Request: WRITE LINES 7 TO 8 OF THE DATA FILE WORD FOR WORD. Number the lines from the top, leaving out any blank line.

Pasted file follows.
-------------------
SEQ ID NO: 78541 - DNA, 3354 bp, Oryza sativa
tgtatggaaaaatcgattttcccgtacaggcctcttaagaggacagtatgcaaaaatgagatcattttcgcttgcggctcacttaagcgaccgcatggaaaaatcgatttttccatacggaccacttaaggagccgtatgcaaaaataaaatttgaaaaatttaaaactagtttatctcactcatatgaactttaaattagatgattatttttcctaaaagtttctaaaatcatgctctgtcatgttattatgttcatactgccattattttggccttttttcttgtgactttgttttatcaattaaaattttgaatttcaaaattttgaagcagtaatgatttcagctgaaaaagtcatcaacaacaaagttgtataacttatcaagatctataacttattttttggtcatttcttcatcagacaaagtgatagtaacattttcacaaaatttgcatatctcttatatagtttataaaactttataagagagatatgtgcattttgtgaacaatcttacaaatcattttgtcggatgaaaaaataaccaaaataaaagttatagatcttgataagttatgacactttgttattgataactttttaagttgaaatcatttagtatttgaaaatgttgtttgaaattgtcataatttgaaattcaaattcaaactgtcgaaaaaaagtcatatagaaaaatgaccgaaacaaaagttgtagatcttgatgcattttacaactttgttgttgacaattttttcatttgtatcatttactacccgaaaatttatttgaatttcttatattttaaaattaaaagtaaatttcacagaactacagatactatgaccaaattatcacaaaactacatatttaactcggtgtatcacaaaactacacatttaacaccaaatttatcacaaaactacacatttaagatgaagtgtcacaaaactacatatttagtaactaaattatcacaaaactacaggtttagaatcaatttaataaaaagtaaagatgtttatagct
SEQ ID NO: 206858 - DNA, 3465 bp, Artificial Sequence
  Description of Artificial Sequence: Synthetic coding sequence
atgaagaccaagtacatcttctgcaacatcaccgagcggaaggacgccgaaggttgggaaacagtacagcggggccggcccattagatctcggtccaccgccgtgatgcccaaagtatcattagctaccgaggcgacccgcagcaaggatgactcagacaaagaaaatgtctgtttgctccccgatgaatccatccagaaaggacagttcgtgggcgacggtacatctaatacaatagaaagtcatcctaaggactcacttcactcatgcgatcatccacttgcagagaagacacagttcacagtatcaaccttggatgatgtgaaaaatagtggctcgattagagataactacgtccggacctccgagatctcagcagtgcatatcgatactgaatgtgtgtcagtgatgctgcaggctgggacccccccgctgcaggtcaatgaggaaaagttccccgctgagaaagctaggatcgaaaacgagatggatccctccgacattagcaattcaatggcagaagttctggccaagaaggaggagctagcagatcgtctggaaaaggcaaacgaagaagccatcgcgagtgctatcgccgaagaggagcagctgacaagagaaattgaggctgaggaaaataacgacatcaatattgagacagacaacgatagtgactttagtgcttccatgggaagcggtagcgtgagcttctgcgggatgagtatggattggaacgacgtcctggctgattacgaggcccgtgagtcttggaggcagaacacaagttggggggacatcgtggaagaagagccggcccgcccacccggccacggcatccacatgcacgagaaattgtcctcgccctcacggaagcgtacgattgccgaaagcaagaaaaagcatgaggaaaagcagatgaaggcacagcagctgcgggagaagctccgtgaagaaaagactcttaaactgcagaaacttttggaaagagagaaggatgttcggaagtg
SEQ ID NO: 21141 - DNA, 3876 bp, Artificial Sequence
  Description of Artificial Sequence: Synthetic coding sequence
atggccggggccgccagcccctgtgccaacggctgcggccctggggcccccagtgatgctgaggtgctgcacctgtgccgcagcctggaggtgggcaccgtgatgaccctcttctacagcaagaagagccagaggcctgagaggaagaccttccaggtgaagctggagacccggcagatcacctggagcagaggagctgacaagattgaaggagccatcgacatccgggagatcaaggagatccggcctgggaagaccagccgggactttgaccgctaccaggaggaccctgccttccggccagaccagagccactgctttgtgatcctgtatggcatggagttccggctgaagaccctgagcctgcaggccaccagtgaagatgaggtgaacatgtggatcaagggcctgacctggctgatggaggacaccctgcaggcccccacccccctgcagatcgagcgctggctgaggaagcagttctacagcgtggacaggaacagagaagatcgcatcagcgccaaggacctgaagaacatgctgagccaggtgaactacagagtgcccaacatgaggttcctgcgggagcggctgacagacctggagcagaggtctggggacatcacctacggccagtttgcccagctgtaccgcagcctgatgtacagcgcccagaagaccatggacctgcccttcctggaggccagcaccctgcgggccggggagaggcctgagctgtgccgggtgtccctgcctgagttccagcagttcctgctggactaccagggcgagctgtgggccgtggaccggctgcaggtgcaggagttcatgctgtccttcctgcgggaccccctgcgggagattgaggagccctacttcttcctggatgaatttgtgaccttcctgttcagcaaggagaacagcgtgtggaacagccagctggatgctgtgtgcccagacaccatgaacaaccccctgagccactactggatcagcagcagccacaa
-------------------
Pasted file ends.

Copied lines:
  Description of Artificial Sequence: Synthetic coding sequence
atggccggggccgccagcccctgtgccaacggctgcggccctggggcccccagtgatgctgaggtgctgcacctgtgccgcagcctggaggtgggcaccgtgatgaccctcttctacagcaagaagagccagaggcctgagaggaagaccttccaggtgaagctggagacccggcagatcacctggagcagaggagctgacaagattgaaggagccatcgacatccgggagatcaaggagatccggcctgggaagaccagccgggactttgaccgctaccaggaggaccctgccttccggccagaccagagccactgctttgtgatcctgtatggcatggagttccggctgaagaccctgagcctgcaggccaccagtgaagatgaggtgaacatgtggatcaagggcctgacctggctgatggaggacaccctgcaggcccccacccccctgcagatcgagcgctggctgaggaagcagttctacagcgtggacaggaacagagaagatcgcatcagcgccaaggacctgaagaacatgctgagccaggtgaactacagagtgcccaacatgaggttcctgcgggagcggctgacagacctggagcagaggtctggggacatcacctacggccagtttgcccagctgtaccgcagcctgatgtacagcgcccagaagaccatggacctgcccttcctggaggccagcaccctgcgggccggggagaggcctgagctgtgccgggtgtccctgcctgagttccagcagttcctgctggactaccagggcgagctgtgggccgtggaccggctgcaggtgcaggagttcatgctgtccttcctgcgggaccccctgcgggagattgaggagccctacttcttcctggatgaatttgtgaccttcctgttcagcaaggagaacagcgtgtggaacagccagctggatgctgtgtgcccagacaccatgaacaaccccctgagccactactggatcagcagcagccacaa